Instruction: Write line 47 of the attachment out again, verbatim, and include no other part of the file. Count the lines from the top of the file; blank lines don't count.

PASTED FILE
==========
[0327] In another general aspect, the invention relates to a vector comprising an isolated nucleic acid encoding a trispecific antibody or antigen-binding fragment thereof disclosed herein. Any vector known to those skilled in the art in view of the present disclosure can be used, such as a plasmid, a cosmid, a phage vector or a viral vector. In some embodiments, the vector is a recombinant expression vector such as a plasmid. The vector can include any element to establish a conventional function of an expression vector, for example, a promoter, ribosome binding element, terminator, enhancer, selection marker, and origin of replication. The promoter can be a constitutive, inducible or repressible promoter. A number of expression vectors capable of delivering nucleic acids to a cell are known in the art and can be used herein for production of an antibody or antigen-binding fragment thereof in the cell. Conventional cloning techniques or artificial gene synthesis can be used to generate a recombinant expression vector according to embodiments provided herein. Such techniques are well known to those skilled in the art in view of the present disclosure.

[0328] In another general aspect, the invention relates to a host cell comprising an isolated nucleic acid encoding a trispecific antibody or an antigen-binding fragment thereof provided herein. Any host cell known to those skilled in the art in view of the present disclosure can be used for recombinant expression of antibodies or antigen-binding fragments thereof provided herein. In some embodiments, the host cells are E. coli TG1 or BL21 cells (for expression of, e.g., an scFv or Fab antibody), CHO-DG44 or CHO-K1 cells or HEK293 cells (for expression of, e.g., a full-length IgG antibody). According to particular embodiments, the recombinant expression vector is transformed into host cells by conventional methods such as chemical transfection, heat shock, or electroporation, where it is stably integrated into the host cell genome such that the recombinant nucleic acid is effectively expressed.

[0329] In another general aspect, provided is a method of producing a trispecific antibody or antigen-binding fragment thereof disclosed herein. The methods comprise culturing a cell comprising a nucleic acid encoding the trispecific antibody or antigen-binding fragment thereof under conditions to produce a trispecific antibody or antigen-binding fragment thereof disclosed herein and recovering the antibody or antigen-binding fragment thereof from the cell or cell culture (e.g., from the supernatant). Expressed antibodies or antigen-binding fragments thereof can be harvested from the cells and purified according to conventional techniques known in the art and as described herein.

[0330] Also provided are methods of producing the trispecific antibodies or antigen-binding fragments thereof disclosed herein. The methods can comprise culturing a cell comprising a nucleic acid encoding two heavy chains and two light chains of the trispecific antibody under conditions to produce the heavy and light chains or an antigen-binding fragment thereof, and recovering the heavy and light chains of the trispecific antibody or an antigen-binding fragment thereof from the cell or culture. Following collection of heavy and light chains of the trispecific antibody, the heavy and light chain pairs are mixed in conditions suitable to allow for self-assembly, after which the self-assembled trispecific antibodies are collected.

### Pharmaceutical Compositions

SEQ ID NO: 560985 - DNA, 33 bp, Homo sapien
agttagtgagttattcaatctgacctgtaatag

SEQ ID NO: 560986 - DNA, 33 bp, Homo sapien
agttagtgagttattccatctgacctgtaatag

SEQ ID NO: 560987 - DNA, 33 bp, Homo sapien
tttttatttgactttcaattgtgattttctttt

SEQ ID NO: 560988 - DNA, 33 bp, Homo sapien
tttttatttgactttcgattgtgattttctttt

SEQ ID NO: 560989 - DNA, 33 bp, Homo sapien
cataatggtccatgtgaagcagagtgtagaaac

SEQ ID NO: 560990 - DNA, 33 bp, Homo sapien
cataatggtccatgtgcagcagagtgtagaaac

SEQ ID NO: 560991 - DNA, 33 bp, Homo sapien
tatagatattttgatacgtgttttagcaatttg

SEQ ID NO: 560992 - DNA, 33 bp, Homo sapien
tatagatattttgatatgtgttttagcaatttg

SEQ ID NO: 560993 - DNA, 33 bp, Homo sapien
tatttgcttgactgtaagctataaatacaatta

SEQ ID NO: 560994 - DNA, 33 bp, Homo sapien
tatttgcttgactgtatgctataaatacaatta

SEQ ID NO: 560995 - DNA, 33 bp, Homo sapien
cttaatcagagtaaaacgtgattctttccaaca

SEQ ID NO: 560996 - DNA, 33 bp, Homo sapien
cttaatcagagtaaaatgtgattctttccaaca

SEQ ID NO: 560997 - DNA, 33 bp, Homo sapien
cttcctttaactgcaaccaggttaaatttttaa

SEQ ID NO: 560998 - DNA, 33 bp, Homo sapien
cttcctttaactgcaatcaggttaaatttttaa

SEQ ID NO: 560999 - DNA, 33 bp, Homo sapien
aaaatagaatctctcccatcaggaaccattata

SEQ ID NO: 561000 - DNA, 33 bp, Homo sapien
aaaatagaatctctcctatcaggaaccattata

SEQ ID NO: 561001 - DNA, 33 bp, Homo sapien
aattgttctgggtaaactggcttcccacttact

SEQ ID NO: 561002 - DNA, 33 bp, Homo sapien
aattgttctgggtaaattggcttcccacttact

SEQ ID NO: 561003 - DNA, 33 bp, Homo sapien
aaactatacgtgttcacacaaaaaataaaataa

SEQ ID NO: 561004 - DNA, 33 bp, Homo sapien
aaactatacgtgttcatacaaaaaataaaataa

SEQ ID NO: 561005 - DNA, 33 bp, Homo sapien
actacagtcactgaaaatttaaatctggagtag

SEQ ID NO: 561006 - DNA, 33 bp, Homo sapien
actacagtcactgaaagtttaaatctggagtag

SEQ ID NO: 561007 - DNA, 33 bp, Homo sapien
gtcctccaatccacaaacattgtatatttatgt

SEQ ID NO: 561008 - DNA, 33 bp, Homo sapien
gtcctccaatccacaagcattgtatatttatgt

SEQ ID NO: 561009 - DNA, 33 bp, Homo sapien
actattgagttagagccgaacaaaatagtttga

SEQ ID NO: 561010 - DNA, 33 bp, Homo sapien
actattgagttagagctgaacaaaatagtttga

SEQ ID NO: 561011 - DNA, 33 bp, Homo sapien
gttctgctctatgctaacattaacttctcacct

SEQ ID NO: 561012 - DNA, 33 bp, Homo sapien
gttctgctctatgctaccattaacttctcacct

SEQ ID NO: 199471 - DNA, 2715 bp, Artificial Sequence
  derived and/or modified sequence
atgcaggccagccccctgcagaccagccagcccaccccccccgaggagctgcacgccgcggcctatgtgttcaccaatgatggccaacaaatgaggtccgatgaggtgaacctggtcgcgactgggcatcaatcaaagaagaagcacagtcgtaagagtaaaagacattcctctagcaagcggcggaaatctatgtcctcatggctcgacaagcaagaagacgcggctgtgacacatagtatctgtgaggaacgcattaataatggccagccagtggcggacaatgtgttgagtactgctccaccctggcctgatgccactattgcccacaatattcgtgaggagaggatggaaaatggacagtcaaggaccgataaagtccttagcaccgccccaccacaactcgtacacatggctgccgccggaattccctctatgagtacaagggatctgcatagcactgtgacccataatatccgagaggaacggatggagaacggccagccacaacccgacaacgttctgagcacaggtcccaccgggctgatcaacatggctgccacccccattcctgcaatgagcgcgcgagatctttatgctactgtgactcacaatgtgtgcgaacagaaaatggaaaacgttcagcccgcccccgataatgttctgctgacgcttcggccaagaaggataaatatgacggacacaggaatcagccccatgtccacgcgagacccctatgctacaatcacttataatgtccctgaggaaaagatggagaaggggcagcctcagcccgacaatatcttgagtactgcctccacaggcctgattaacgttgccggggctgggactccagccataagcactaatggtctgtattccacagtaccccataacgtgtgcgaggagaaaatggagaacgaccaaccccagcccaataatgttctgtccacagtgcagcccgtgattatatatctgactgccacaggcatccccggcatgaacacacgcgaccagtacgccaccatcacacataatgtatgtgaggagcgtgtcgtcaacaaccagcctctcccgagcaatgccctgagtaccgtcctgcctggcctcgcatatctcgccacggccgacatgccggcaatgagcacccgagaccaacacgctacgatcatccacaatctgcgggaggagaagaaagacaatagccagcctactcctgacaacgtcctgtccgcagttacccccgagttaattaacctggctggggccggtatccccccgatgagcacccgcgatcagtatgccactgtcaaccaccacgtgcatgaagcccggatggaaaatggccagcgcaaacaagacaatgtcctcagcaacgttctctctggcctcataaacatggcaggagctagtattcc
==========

actacagtcactgaaaatttaaatctggagtag